Venice is magic. I know I sound a bit like a broken record with my use of the word magic, but it’s a feeling that should be repeated again and again until the groove is so habitually carved into your existence that it becomes part of you. Magic will keep you alive, it will inspire you, it will be the twinkle in your eye that keeps you young, no matter how many years the calendar puts on you.
And this city built on the lagoon and its surrounding shoals has it in spades. I was told that nobody that’s anybody visits Venice in August. The heat, the scent, the lack of locals who have made their way to other coastal locales, make it de riguer to be anywhere near Venice in this final month of summer. Well, I received their memo, but this was the time available to me, and I took it. Rest assured, there are plenty of people that did the same. The tiny side streets that make up the Big Island were teaming with tourists this morning, and it is not too hot, and the scent in the air is lovely.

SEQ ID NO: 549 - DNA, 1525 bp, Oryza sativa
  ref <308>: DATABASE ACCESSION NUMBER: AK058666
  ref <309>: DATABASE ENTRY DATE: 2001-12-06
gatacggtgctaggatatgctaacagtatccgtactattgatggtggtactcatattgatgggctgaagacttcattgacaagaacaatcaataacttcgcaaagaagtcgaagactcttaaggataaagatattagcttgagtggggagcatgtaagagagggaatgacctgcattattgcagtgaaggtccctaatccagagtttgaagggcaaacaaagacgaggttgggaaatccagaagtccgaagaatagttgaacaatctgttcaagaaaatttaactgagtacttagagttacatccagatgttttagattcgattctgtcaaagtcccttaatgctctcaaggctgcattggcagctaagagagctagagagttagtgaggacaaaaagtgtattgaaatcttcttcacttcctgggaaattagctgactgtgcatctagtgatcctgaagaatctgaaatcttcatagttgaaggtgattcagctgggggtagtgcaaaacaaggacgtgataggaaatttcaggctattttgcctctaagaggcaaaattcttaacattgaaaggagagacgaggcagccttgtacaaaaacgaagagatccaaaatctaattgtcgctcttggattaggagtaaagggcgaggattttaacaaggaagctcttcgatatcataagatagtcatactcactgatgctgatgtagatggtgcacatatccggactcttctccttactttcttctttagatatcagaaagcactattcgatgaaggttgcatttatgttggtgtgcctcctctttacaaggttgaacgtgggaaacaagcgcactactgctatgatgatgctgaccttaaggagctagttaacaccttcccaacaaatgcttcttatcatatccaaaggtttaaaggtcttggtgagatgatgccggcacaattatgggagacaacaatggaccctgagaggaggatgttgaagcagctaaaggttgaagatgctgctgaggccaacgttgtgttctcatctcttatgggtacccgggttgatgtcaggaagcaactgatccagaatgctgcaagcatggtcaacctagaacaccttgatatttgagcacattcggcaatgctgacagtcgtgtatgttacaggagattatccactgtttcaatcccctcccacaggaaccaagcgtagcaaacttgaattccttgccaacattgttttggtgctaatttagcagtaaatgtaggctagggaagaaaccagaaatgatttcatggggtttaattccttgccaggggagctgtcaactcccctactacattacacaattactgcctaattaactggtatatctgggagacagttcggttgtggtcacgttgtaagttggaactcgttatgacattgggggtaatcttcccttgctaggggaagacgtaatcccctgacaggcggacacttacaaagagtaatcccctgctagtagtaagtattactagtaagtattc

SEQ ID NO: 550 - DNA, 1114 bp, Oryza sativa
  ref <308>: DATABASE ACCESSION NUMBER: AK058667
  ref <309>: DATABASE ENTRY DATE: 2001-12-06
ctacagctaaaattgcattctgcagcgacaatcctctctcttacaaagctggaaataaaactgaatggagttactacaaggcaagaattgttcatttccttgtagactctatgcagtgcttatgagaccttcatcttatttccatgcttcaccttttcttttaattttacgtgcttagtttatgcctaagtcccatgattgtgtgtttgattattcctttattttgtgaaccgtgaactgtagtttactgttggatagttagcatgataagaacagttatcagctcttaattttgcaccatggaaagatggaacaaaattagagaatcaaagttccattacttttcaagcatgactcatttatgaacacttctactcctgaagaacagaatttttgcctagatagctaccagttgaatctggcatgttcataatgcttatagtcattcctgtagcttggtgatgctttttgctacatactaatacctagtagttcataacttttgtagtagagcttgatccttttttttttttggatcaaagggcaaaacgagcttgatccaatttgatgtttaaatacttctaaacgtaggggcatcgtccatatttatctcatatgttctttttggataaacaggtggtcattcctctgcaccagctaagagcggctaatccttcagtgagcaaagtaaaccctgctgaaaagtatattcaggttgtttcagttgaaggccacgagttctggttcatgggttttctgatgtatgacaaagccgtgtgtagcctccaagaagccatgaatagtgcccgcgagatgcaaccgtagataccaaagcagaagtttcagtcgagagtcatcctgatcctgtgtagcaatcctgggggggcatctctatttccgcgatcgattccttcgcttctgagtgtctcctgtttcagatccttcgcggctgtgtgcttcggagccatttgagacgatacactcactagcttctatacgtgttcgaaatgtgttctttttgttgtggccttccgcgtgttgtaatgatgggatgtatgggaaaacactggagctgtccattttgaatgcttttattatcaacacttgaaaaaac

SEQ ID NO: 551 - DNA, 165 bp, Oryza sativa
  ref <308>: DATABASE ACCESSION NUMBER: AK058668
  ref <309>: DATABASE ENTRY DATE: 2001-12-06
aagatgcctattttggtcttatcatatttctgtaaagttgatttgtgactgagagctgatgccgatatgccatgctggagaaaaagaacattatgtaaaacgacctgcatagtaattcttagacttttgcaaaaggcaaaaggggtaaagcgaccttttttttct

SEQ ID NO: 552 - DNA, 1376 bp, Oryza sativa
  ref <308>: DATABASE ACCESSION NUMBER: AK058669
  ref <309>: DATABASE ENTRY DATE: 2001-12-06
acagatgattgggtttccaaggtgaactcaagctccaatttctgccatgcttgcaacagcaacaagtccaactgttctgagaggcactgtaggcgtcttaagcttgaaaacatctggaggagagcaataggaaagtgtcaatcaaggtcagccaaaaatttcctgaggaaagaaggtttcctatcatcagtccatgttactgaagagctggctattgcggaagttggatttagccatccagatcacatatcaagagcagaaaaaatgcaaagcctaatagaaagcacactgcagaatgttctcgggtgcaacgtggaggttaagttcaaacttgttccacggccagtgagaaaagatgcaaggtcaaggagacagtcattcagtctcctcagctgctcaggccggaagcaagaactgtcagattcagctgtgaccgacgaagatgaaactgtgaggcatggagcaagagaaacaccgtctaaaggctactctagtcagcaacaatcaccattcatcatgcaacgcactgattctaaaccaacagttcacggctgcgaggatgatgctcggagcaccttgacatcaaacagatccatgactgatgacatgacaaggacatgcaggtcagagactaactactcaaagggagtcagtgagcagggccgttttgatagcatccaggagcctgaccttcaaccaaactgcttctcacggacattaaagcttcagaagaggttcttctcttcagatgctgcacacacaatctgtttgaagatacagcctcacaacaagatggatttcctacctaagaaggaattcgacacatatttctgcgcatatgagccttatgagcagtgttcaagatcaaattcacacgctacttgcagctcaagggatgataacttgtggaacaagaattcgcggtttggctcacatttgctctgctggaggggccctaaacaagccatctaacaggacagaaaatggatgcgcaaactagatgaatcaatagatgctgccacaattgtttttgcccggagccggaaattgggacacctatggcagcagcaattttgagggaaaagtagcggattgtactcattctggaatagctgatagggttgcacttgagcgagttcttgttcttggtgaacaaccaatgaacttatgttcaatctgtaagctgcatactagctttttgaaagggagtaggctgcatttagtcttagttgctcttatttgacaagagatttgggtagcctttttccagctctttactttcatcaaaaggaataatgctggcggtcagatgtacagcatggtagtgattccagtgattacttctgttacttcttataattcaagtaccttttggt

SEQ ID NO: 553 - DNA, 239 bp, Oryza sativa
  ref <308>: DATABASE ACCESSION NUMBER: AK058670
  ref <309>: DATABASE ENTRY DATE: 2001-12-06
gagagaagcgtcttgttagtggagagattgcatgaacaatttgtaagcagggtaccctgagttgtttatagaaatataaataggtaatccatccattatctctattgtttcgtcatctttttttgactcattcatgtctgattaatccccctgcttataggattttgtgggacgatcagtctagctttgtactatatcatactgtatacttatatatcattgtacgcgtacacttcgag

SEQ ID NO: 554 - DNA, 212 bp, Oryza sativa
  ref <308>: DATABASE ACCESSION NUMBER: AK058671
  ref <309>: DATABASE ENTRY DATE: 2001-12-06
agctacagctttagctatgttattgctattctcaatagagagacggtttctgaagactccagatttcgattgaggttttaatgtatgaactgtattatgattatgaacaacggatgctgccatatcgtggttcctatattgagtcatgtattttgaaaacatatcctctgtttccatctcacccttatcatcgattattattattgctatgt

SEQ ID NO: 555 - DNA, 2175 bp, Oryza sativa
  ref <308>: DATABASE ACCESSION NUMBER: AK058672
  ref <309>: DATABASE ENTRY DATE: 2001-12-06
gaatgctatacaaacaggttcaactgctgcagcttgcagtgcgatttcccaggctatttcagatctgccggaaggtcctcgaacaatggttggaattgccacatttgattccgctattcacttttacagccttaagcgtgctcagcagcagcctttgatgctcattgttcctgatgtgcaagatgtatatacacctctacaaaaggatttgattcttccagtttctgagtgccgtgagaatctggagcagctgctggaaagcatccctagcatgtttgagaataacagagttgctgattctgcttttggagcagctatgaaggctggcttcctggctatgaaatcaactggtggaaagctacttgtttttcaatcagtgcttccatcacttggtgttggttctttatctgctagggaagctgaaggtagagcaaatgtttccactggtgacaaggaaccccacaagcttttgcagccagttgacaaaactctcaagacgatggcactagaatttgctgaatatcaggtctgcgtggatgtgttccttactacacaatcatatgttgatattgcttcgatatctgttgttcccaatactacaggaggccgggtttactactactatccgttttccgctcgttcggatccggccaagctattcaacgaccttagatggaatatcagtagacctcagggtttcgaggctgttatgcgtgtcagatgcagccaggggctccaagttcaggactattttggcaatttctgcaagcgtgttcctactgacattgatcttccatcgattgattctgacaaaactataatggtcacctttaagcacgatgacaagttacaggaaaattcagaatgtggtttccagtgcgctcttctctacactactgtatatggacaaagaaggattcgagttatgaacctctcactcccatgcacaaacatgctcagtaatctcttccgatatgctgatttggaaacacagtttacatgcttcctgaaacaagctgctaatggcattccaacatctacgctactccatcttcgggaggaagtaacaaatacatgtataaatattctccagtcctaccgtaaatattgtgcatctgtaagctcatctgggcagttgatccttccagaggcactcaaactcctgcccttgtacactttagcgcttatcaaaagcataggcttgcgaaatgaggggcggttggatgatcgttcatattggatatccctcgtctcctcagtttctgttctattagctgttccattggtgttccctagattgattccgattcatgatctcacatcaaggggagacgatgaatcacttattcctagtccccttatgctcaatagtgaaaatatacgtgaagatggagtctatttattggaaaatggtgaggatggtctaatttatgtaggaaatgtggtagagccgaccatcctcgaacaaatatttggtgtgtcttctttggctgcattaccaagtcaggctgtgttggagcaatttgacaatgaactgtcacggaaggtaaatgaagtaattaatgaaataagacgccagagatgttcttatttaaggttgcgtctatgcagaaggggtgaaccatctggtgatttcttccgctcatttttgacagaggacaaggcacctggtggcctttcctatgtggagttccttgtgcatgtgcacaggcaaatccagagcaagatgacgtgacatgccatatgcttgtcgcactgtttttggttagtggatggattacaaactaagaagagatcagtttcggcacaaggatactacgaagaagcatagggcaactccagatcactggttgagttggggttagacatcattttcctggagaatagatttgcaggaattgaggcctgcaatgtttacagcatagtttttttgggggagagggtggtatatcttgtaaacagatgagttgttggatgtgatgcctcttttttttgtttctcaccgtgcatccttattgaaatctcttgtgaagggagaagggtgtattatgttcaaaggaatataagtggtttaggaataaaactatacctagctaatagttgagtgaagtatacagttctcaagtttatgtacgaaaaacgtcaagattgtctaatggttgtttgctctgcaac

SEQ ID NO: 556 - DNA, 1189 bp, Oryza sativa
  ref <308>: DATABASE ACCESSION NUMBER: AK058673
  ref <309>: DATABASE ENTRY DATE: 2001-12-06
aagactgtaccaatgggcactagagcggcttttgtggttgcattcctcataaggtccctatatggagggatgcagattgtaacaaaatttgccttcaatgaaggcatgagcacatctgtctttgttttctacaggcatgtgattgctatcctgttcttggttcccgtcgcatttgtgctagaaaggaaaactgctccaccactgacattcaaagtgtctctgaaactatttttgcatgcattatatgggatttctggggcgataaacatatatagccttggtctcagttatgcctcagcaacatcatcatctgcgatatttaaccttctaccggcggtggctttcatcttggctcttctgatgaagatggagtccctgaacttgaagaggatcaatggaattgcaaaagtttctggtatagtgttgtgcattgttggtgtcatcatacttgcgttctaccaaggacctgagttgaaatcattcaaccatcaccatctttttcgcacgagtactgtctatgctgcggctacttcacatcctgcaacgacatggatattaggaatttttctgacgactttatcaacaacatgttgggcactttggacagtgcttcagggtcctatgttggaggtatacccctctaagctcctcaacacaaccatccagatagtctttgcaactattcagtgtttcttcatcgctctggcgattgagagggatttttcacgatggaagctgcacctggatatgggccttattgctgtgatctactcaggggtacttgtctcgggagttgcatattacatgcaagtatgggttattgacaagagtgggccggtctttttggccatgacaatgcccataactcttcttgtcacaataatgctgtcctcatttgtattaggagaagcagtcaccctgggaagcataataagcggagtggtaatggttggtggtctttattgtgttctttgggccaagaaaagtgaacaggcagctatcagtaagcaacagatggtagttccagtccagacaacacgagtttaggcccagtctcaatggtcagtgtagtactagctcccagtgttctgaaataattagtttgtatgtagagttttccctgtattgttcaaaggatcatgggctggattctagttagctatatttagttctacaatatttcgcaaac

After a long travel day that included taxis, both land and water, buses, trains, and two flights I arrived to sunny skies, bustling activity, and found my way to an outrageously (worth every penny) boat taxis to my hotel – The Splendid Venezia. Bags on board, wind blowing through my hair as we wound our way through the canals, just slipping under the bridges as it was high tide, so Hollywood starlet I nearly swooned.
The history is evident in the buildings. Established at exactly noon, or so the story goes, 25 March 421 AD. I’m always talking about how super old my brownstones are. The 20th century has nothing on the 15th. Venice came to be out of necessity. When Rome fell, it caused a lot of problems for folks, not the least of which was savage barbarians invading, raping and pillaging. I wouldn’t have wanted to stick around either. So off they from the mainland seeking refuge from said inconvenience. The Savage B’s weren’t that good with the sea, and as previously stated Venice isn’t what one would call easily accessible, so they were largely left alone, et voila, so began the rich history of this splendid place.